Reimagining Education in Light of COVID-19

March 29, 2020
Skilty Labastilla
The spread of COVID-19 in many parts of the world has disrupted the habitus of humans. The things that we have regarded as normal routines – school, work, getting groceries, meeting friends, among others – have been upended because of efforts to contain the transmission of the virus. Formal education is now being forced to adapt to the new normal and there’s a good chance that changes being worked out will be adopted even after COVID-19 is defeated. However, it is important to understand that a reconfiguration of the education system in light of COVID-19 not only considers the delivery and process of learning, but more importantly, the goal of formal education itself in the age of emergency and crisis.
In the Philippines, after the president’s announcement of a community quarantine on 15 March, elementary school pupils were preparing for their final tests before schools would close. I have a 9-year-old enrolled in a private school and a 4-year-old who was part of our barangay daycare program. Both of them were supposed to take their summative assessments in school to determine their competencies before moving up to the next level. For our elder child, her school reconfigured both the content and the delivery of the tests in five subjects (English, Science, Math, and Araling Panlipunan and Filipino, which were combined). Instead of asking objective questions that could easily be answered by pupils by checking their notebooks at home, many of the test questions were phrased so as to elicit integrative knowledge from pupils in short essay forms. The tests were emailed to parents, who could download and print the tests for their children to answer within five days. Parents were given two submission options: to put the papers in an envelope and personally hand it to the school guard, or scan/take photos of the papers and email them back to the teachers. The second option was more convenient but there was one problem: one teacher had spotty internet at home and could not receive email, so we just ended up doing the first option.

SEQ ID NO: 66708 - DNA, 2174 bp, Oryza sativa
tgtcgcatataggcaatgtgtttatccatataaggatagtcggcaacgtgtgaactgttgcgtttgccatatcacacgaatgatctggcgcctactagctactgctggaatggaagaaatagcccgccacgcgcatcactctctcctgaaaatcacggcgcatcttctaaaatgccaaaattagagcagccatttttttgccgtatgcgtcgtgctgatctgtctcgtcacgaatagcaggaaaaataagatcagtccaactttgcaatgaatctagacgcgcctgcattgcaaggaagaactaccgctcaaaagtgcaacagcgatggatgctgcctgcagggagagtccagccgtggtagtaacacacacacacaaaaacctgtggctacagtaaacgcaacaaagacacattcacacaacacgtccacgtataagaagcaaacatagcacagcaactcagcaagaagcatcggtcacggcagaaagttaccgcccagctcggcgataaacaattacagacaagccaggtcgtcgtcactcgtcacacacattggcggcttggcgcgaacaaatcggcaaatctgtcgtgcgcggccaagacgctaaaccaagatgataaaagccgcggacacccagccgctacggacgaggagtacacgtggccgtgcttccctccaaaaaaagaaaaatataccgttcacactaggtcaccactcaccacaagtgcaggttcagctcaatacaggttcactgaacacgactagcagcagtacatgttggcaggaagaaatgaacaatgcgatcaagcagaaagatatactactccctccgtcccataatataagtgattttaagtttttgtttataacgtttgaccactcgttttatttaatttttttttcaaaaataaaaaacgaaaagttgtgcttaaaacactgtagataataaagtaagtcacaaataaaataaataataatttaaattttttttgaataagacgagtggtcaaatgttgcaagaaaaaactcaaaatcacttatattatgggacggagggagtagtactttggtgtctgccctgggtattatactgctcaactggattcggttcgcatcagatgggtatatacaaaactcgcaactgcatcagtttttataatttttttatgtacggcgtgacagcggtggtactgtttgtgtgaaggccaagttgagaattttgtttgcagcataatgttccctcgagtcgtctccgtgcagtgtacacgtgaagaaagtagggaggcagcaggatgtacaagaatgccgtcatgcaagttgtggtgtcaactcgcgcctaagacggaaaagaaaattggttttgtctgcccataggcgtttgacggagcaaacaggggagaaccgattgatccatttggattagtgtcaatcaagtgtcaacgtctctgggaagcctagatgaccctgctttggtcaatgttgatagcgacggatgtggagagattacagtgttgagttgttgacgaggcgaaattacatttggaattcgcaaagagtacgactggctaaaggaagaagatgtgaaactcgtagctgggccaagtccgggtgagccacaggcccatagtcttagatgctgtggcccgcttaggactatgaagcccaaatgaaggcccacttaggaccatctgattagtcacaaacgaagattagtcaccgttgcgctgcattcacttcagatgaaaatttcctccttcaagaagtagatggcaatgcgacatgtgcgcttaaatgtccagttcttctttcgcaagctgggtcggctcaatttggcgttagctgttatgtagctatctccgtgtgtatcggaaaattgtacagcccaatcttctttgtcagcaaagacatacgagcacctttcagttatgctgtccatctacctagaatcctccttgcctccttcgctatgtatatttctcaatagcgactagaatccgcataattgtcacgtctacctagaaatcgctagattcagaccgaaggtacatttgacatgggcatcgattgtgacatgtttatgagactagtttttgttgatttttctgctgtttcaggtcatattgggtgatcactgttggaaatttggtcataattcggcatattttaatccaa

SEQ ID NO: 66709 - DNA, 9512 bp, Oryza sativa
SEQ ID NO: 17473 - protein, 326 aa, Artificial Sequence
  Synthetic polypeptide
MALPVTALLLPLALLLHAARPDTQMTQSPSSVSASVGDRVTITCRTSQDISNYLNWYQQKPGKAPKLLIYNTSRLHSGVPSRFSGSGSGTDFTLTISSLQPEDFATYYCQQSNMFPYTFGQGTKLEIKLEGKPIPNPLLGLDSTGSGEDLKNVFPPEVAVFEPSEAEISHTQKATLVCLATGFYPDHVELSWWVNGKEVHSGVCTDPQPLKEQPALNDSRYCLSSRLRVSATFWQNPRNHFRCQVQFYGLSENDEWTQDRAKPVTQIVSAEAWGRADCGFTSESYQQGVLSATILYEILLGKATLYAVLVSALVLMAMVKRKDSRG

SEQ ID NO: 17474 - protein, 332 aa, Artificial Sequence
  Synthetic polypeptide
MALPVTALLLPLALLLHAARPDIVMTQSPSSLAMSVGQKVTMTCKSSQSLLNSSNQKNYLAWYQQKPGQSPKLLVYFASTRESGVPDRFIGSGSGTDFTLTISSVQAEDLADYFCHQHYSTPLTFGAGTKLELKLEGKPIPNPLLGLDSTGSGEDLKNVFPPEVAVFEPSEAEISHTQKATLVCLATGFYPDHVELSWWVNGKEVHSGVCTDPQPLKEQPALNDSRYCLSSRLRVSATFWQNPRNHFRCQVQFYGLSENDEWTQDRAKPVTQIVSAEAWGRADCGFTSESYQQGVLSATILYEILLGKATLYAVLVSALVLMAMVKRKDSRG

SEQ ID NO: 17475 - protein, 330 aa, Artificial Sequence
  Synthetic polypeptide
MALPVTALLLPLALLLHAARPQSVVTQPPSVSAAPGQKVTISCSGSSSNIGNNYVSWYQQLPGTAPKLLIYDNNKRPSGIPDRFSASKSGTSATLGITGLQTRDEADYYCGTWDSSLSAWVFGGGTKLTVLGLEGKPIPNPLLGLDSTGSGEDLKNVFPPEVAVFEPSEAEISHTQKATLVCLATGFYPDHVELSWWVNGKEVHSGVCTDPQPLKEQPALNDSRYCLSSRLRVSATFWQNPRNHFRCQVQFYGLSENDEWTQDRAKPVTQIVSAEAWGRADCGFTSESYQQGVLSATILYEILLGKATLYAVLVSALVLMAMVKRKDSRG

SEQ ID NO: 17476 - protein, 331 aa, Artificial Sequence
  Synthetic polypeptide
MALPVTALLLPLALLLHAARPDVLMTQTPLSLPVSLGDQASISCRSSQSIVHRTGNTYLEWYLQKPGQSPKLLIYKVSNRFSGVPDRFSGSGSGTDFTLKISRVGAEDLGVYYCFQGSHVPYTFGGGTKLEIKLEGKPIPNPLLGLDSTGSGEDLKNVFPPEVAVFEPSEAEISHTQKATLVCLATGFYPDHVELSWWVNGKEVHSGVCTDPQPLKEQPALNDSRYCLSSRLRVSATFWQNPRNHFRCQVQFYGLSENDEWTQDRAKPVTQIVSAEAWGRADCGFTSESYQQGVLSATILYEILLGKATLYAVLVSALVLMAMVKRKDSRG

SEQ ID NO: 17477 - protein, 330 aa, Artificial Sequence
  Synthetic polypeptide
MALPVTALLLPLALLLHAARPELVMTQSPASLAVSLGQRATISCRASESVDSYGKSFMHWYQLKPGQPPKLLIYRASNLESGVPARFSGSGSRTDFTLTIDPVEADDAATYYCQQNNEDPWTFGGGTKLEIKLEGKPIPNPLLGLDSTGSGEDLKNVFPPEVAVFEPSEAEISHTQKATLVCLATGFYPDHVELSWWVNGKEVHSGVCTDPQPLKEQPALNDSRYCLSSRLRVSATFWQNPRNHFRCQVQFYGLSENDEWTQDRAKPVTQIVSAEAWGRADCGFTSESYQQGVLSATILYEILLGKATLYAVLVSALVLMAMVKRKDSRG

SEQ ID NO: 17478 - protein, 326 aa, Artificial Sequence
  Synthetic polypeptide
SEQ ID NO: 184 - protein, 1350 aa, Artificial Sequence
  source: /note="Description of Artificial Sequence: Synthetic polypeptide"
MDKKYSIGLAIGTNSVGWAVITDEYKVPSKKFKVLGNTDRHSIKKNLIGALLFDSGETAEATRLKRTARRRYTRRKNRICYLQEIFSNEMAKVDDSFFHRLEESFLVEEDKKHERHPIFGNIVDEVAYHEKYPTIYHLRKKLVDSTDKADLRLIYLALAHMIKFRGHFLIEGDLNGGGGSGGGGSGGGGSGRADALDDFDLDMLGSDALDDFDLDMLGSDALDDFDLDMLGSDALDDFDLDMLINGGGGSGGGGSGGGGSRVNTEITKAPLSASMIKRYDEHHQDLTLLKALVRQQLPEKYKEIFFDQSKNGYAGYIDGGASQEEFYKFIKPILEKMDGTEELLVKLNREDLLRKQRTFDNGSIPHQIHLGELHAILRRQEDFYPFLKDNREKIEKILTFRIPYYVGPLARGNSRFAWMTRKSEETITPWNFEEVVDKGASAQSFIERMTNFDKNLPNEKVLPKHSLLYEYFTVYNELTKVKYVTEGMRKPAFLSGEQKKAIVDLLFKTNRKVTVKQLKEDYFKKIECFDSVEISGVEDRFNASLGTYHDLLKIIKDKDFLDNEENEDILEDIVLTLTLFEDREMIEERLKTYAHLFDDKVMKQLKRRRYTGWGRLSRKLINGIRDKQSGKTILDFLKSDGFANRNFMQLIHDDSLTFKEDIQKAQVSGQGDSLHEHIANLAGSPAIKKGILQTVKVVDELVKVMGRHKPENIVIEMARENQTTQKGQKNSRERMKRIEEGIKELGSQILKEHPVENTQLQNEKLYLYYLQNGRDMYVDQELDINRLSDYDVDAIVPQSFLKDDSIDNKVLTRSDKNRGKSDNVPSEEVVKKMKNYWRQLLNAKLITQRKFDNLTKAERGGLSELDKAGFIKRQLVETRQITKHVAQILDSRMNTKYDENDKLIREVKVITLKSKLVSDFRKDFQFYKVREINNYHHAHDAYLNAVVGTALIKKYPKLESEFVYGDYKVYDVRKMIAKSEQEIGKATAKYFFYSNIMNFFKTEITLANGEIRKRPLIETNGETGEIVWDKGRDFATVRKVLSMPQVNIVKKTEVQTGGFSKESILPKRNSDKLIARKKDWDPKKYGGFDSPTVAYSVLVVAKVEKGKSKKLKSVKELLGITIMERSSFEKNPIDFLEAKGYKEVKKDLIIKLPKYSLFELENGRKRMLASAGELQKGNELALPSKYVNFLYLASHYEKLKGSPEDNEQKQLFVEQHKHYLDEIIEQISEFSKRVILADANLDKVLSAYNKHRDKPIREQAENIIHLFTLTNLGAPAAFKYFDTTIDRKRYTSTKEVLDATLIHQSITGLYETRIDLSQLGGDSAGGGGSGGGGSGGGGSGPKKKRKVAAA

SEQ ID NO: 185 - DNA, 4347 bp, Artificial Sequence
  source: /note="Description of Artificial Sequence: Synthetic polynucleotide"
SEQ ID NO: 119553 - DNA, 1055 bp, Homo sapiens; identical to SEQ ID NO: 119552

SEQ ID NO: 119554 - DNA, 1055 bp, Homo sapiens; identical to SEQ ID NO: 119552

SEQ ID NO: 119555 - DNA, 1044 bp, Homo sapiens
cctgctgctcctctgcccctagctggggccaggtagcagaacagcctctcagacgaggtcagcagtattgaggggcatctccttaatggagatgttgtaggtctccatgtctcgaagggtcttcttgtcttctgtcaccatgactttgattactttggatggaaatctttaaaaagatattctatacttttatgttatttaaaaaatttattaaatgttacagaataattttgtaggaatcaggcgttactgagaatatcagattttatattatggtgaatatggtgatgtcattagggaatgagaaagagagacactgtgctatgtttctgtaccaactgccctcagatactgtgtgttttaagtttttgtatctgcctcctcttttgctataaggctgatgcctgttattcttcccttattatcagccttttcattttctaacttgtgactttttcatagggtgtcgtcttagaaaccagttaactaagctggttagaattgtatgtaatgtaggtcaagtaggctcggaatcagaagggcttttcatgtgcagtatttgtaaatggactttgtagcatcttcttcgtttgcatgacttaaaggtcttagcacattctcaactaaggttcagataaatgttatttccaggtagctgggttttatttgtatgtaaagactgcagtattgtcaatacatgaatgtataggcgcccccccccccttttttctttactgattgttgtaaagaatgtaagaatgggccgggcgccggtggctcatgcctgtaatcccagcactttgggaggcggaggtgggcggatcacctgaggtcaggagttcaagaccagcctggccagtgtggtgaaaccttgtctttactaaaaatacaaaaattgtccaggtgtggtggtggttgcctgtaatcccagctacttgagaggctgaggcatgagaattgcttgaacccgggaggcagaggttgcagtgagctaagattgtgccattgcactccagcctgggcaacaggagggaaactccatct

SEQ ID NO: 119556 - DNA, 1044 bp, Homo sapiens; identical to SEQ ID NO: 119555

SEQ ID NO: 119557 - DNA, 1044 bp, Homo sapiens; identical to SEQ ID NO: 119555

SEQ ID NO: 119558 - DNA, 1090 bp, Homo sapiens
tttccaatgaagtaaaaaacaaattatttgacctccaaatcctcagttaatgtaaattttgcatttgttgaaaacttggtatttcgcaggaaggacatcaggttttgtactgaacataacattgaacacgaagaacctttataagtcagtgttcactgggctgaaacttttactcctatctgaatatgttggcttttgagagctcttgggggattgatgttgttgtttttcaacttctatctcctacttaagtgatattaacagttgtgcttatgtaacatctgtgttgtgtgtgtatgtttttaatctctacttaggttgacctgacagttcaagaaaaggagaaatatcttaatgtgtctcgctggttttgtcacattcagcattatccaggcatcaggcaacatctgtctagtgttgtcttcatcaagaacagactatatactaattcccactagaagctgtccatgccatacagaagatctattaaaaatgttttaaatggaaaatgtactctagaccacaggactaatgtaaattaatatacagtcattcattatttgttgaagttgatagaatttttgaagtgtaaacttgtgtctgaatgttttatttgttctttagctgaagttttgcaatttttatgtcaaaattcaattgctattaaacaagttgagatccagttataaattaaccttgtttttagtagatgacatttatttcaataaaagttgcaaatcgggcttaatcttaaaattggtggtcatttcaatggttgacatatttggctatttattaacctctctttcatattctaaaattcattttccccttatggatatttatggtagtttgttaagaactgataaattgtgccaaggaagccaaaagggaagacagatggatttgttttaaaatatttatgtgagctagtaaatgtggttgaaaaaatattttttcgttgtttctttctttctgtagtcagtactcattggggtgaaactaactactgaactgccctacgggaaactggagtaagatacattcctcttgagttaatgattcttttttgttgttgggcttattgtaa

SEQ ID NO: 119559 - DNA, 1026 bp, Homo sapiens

For our younger child, the test was supposed to evaluate her readiness for the next level, and aside from the usual tests such as letter, number, and color recognition, it would include kinesthetic tests such as ability to button and unbutton a shirt, tie shoelaces, and hop on one leg ten times, among others. That test was altogether scrapped and the assumption (since we have not heard from the daycare worker since) is our daughter will just move up to the next level even without taking that test. I’m sure there could have been ways for that test to be taken at home using technology (similar to the case of our elder daughter but adding video) but since the barangay daycare center is a government facility catering to lower- and middle-class families who might have connectivity problems, it probably was a wise decision to just scrap the test altogether.